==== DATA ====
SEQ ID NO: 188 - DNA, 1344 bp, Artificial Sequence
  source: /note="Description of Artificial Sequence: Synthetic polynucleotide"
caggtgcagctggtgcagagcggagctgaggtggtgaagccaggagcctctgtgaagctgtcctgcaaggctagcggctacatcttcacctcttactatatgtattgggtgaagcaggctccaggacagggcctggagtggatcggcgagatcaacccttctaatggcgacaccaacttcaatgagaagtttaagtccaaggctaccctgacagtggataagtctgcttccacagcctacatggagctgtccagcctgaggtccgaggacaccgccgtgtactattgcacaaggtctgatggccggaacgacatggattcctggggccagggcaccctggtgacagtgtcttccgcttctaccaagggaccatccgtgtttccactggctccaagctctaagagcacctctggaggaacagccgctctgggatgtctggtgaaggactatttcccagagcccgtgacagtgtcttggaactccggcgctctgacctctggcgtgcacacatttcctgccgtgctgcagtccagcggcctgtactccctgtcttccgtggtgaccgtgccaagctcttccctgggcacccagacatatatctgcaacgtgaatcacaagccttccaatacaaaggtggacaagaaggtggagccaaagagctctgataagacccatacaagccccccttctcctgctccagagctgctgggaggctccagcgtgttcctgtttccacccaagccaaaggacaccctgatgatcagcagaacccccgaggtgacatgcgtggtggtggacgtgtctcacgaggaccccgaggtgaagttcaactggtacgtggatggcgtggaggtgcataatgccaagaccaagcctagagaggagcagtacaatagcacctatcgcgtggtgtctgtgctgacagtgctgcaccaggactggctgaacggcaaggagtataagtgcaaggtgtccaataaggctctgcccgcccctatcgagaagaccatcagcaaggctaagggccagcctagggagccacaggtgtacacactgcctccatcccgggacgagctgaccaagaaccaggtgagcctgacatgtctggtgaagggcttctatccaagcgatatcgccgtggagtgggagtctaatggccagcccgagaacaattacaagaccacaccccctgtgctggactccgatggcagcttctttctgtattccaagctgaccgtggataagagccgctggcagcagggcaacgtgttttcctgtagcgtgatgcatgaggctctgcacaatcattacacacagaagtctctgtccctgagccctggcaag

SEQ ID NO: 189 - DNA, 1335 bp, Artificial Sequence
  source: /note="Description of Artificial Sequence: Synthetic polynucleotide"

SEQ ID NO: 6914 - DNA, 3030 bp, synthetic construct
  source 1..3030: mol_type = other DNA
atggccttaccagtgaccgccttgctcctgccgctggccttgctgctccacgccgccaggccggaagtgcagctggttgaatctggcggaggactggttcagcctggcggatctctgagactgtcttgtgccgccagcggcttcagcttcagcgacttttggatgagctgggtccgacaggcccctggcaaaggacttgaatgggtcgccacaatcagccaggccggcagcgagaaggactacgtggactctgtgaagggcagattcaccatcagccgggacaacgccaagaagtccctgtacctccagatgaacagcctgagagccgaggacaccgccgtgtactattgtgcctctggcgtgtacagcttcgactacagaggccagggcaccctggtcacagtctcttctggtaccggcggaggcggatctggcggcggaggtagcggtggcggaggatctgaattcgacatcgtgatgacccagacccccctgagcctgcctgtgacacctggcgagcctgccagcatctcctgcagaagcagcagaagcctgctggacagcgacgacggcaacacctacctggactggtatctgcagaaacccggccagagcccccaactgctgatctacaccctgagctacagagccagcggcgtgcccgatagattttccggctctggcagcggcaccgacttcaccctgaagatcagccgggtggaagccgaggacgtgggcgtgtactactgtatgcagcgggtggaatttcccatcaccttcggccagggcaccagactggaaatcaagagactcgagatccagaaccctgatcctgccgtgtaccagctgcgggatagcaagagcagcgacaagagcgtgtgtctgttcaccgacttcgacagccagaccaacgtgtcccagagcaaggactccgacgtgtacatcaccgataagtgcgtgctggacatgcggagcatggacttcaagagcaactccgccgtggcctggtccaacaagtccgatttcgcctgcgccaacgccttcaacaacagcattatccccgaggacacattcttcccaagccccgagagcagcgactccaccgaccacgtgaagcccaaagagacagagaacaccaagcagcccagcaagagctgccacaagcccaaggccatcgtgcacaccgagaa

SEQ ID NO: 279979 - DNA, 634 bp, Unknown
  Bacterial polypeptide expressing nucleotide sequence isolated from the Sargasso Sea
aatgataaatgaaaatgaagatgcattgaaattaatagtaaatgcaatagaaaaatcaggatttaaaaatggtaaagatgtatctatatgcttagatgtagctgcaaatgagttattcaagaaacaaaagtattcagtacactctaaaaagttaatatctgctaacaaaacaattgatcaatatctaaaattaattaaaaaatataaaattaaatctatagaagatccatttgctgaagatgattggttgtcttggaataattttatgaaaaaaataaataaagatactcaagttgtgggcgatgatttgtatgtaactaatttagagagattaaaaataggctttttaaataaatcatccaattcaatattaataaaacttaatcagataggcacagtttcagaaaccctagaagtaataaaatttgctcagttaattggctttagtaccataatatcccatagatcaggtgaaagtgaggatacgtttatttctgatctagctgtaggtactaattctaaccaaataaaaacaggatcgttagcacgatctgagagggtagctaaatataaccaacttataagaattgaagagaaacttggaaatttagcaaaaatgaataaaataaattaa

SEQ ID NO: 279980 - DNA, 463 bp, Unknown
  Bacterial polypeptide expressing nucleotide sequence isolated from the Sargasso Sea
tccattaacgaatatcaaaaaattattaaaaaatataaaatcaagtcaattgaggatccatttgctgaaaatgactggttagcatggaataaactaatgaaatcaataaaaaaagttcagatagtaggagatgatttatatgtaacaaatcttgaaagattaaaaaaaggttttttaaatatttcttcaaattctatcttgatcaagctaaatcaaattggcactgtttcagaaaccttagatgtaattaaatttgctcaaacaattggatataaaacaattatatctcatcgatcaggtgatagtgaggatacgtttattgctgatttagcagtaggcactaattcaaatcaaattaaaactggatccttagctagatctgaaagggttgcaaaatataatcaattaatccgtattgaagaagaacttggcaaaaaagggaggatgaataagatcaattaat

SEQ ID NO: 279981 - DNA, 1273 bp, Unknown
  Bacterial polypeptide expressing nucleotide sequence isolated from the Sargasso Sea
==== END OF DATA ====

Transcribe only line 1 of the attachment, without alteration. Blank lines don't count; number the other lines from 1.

SEQ ID NO: 188 - DNA, 1344 bp, Artificial Sequence